A debate over whether to debate, an increasingly frequent and some say tiresome element of U.S. politics, broke out in the California governor's race yesterday with Democrat Dianne Feinstein and Republican Sen. Pete Wilson tossing conflicting and seemingly irreconcilable proposals at each other.

When Wilson returned to Washington last week, the two sides agreed to postpone their second and last debate until today. With Wilson still stuck in the Senate budget impasse, Feinstein agreed to let him debate by satellite, but the San Francisco station that agreed to carry the confrontation said it could not make the necessary technical adjustments. A San Diego station offered to substitute, but yesterday Feinstein, a former San Francisco mayor, rejected the offer, saying she had promised at least one debate in northern California.

"That's ridiculous," Wilson spokesman Bill Livingstone said. "She's ducking the debate for some reason." If she did not debate today, he said, there would be no second debate.

Feinstein spokeswoman Dee Dee Myers called that response "unfortunate" and said Feinstein is willing to debate at several times next week suggested by a San Francisco station. "This indicates that he thinks he lost the first debate," Myers said of Wilson.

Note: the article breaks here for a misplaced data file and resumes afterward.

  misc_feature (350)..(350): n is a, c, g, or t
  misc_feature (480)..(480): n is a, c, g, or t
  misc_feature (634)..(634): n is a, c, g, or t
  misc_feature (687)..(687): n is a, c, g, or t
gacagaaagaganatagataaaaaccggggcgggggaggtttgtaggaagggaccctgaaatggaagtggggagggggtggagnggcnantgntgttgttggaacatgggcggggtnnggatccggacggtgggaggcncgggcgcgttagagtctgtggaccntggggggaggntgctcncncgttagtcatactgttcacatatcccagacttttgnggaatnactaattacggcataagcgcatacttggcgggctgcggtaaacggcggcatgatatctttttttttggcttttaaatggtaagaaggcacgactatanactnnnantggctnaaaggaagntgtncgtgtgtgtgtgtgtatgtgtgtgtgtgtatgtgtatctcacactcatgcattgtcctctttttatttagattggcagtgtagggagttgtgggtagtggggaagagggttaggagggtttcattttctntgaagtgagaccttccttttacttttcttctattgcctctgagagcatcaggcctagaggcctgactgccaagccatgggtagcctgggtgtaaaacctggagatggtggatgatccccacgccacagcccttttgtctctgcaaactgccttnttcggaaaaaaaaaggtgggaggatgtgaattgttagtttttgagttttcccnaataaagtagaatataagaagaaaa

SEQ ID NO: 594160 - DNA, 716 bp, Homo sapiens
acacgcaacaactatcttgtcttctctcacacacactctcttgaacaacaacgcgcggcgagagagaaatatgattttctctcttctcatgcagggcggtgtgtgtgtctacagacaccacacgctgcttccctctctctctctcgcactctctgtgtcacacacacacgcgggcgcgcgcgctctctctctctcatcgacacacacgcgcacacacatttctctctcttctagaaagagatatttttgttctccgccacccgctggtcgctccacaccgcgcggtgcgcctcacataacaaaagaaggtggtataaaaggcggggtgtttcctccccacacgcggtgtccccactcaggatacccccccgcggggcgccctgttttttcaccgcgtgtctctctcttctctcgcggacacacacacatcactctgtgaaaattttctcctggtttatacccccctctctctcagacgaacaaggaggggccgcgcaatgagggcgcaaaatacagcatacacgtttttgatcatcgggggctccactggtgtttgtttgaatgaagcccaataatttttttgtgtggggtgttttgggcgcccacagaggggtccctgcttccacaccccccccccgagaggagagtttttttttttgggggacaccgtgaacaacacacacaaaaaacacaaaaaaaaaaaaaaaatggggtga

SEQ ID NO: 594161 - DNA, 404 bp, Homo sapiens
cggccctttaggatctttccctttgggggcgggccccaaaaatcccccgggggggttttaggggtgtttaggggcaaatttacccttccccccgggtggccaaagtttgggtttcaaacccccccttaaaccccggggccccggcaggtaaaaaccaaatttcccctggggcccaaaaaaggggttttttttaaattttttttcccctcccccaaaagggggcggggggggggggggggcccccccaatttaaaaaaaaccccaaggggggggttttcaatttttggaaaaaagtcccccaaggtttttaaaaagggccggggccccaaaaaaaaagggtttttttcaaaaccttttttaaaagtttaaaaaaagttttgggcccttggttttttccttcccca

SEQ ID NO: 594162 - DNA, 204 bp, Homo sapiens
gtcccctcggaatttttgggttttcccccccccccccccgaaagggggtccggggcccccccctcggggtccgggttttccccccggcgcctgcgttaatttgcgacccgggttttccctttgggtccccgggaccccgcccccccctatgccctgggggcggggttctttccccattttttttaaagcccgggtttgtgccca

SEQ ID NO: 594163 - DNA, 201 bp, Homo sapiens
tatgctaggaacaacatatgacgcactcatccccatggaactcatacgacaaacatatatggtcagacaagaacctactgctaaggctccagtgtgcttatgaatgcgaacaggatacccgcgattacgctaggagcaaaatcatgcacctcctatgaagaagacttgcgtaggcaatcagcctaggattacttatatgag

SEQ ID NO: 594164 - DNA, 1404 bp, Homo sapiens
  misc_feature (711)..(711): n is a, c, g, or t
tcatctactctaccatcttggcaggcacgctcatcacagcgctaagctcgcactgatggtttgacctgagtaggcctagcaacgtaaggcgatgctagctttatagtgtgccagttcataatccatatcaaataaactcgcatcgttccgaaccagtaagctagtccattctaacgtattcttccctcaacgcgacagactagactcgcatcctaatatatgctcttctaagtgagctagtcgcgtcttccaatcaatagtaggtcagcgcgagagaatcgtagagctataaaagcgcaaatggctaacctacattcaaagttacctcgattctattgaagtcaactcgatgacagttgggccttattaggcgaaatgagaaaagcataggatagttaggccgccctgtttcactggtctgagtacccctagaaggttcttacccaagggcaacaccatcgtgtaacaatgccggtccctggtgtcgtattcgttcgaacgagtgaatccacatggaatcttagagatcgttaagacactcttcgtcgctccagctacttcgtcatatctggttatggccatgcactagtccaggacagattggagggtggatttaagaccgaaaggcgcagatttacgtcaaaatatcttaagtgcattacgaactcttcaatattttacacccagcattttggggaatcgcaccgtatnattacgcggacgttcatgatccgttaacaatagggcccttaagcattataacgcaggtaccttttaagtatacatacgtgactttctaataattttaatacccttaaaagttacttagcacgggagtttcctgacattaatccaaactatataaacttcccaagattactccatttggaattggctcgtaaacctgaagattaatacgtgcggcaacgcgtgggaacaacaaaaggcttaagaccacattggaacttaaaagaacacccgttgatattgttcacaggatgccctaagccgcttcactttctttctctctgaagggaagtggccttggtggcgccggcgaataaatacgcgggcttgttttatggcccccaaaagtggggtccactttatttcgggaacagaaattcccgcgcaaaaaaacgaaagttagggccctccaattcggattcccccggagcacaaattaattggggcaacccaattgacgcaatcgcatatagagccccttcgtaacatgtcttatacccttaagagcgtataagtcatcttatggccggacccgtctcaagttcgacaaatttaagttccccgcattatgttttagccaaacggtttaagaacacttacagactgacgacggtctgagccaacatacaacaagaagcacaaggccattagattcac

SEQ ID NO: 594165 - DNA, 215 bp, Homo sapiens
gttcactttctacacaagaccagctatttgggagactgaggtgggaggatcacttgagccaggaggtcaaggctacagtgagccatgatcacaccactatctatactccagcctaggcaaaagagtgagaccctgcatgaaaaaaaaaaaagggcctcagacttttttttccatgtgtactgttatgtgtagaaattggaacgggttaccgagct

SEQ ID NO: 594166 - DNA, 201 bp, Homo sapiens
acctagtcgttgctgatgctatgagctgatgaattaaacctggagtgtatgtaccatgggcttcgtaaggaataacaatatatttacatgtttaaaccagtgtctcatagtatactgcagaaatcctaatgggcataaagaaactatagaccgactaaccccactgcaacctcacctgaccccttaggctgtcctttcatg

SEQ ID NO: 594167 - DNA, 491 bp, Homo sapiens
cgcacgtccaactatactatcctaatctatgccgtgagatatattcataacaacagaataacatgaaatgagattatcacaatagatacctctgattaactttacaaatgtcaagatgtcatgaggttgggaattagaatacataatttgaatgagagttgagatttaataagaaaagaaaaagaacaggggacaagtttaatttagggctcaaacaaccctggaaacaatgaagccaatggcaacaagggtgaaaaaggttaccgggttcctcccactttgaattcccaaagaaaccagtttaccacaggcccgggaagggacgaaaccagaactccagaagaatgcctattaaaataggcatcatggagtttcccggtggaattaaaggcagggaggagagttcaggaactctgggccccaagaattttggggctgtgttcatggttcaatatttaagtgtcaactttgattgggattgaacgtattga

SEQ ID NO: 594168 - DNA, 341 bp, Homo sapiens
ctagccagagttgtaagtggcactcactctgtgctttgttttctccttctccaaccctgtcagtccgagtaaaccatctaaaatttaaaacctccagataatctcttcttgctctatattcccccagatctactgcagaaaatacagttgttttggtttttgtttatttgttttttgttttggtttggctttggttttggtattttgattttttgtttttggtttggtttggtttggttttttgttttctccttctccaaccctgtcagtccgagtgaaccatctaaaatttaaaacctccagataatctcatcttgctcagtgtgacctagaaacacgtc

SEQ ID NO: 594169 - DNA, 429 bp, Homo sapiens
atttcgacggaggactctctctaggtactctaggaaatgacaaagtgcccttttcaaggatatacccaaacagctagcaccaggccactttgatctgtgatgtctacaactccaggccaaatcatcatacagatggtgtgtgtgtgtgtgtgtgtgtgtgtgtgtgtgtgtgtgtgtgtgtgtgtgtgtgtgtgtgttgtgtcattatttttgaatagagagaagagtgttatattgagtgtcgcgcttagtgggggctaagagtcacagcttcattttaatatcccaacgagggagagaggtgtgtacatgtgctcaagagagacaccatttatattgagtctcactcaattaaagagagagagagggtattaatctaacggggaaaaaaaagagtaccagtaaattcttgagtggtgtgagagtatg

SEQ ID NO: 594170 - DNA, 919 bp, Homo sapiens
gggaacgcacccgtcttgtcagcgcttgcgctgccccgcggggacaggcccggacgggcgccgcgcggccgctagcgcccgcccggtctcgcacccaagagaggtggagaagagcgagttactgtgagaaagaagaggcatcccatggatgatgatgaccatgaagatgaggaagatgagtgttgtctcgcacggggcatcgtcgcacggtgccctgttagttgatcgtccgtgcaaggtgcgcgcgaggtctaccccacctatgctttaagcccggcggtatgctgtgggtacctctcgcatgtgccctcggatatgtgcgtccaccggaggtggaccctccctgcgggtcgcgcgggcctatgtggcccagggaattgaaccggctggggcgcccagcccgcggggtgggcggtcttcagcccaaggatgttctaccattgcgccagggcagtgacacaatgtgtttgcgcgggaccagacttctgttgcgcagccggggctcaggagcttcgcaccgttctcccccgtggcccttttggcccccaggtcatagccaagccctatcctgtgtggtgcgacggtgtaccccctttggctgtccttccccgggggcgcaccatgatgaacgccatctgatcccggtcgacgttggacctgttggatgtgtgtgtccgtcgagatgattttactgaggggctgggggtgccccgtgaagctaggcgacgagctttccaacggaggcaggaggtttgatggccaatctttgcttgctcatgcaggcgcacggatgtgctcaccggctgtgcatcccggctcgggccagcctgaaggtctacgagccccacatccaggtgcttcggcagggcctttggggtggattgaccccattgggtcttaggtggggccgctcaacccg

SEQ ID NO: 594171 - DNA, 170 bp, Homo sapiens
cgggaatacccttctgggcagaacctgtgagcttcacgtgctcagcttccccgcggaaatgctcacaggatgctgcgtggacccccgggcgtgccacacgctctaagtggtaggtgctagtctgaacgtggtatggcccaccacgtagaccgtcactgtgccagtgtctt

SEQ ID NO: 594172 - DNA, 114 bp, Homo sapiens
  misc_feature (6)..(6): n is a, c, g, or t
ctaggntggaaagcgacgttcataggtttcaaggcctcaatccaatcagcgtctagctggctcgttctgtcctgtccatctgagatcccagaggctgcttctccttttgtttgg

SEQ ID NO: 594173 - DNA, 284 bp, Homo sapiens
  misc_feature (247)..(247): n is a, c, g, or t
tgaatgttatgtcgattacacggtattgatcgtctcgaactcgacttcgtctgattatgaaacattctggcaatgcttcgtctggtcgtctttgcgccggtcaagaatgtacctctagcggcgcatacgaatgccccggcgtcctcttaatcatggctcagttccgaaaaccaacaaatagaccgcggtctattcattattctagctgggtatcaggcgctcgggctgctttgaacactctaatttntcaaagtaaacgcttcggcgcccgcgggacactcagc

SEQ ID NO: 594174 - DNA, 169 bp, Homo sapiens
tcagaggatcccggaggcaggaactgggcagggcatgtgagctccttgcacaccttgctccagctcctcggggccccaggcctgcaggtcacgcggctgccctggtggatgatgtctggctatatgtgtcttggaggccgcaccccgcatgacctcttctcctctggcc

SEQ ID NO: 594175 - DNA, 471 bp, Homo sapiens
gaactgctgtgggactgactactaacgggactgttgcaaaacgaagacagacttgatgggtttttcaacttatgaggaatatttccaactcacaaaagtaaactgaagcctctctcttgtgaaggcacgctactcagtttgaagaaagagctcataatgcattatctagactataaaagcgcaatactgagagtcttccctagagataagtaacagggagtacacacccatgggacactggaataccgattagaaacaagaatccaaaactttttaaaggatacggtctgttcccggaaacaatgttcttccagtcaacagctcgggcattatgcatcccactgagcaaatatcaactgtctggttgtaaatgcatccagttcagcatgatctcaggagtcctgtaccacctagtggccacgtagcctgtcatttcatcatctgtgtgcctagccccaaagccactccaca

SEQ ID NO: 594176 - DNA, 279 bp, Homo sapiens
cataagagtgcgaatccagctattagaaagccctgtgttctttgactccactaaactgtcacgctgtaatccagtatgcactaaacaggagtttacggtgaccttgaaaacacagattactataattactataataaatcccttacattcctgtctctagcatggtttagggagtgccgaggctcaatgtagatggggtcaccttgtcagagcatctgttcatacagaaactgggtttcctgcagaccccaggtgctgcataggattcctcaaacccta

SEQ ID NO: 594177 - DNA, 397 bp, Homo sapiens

The two sides appear committed to a bitter final two weeks. Feinstein Tuesday began running three negative commercials attacking Wilson for missing Senate votes, failing to match her San Francisco anticrime record when he was San Diego mayor and costing San Diego taxpayers money through delayed sewage treatment work.

Wilson's campaign, which has been running an ad calling Feinstein soft on tax increases, challenged the Feinstein spots and said they reflected her desperation. Wilson aides said the Democrat was trailing Wilson by nine percentage points in their polls.